There has been mention of the potential for implementing radio-frequency identification (RFID) tags to ensure tyres can be identified when found in the wrong place, but the reality is that this high-tech solution does not solve the whole issue.
Options to tackle the problem
There are a few options available to the government for tackling the problems caused by tyres, including EPR, tax or voluntary commitments. However according to the European Tyre and Rubber Manufacturers’ Association, only Denmark and Croatia have opted for a tax regime in Europe, with the majority of states implementing EPR. Only the UK, Germany, Austria, Switzerland and a handful of Western Balkan states do not have a formal system, preferring a voluntary free-market for producers and retailers to take responsibility.
In 2017, the Republic of Ireland became one of the more recent nations to introduce producer responsibility. The first party to place a tyre on the Irish market (producer) is charged a visible Environmental Management Cost (vEMC) by the compliance scheme operator, REPAK ELT. The producer must then pass on this fee to their customers, with it separately displayed on websites, invoices and receipts. Like many other EU states, the system is centralised and there is no competition between compliance scheme operators.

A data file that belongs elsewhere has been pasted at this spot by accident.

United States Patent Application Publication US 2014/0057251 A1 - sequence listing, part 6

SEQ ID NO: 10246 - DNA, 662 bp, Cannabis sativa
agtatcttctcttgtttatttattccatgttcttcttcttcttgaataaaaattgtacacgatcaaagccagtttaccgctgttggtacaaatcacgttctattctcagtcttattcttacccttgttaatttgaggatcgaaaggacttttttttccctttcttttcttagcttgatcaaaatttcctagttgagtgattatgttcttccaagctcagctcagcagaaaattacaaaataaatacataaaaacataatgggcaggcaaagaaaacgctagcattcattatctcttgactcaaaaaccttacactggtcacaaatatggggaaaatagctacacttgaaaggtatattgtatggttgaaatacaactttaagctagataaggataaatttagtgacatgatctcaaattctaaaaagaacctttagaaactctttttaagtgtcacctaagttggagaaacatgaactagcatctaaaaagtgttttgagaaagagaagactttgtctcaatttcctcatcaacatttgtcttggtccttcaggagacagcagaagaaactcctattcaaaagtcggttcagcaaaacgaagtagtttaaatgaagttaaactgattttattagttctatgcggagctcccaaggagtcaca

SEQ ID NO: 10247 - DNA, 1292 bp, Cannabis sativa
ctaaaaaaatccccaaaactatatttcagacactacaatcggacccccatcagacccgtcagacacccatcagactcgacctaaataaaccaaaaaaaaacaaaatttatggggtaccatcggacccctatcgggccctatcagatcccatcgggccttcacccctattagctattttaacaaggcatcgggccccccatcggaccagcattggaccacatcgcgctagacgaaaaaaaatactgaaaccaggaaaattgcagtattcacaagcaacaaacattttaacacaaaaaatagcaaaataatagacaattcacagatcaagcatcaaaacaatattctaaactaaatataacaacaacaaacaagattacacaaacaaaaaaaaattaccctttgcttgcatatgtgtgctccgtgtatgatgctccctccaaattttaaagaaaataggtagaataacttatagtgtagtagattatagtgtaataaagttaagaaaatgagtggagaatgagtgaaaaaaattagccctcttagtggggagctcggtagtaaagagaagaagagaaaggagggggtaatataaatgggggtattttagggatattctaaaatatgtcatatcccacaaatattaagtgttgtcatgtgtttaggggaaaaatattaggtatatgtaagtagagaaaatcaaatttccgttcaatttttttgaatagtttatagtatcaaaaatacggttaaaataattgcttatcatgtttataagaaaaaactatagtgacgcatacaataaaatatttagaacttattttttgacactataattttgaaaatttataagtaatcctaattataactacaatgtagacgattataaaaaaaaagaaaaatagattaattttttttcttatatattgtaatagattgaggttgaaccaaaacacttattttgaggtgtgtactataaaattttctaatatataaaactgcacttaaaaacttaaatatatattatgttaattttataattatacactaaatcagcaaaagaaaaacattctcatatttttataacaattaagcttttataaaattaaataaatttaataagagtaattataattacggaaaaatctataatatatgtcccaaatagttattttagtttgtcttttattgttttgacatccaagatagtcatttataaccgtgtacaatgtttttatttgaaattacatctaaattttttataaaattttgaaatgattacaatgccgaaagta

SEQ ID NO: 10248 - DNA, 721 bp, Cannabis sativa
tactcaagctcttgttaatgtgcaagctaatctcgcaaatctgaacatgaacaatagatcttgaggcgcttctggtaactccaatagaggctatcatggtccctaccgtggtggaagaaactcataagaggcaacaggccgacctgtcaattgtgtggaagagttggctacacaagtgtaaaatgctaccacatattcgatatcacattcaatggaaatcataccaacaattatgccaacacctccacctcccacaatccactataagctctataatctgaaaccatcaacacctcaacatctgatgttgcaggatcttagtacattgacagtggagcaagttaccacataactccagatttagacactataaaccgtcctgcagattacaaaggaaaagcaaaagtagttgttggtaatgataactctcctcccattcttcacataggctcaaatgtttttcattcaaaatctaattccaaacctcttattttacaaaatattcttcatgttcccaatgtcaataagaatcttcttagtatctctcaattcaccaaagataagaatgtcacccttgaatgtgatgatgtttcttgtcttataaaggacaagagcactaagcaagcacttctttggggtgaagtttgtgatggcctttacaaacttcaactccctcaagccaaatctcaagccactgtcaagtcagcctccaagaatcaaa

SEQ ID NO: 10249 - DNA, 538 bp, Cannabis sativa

However, even modern schemes like this do not modulate producer fees based on the design of their tyres. It is possible that a UK regime could look at factors such as longevity, repairability and degradability in setting a fee per tyre. Looking across other product areas, such as electronic equipment, the government are already wrangling with how to use EPR to influence product design to deliver products with better environmental credentials.
While the government will be wary of intervening in manufacturing, they could help to nudge producers towards the creation of better performing products by imposing a higher fee on low-cost, quick wearing tyres, for instance.
Although tyres are an automotive product, there does not appear to be an obvious cross-over with the regulations already in place in the UK for end-of-life vehicles. This regulation is aptly named as it solely looks at end-of-life and not product design.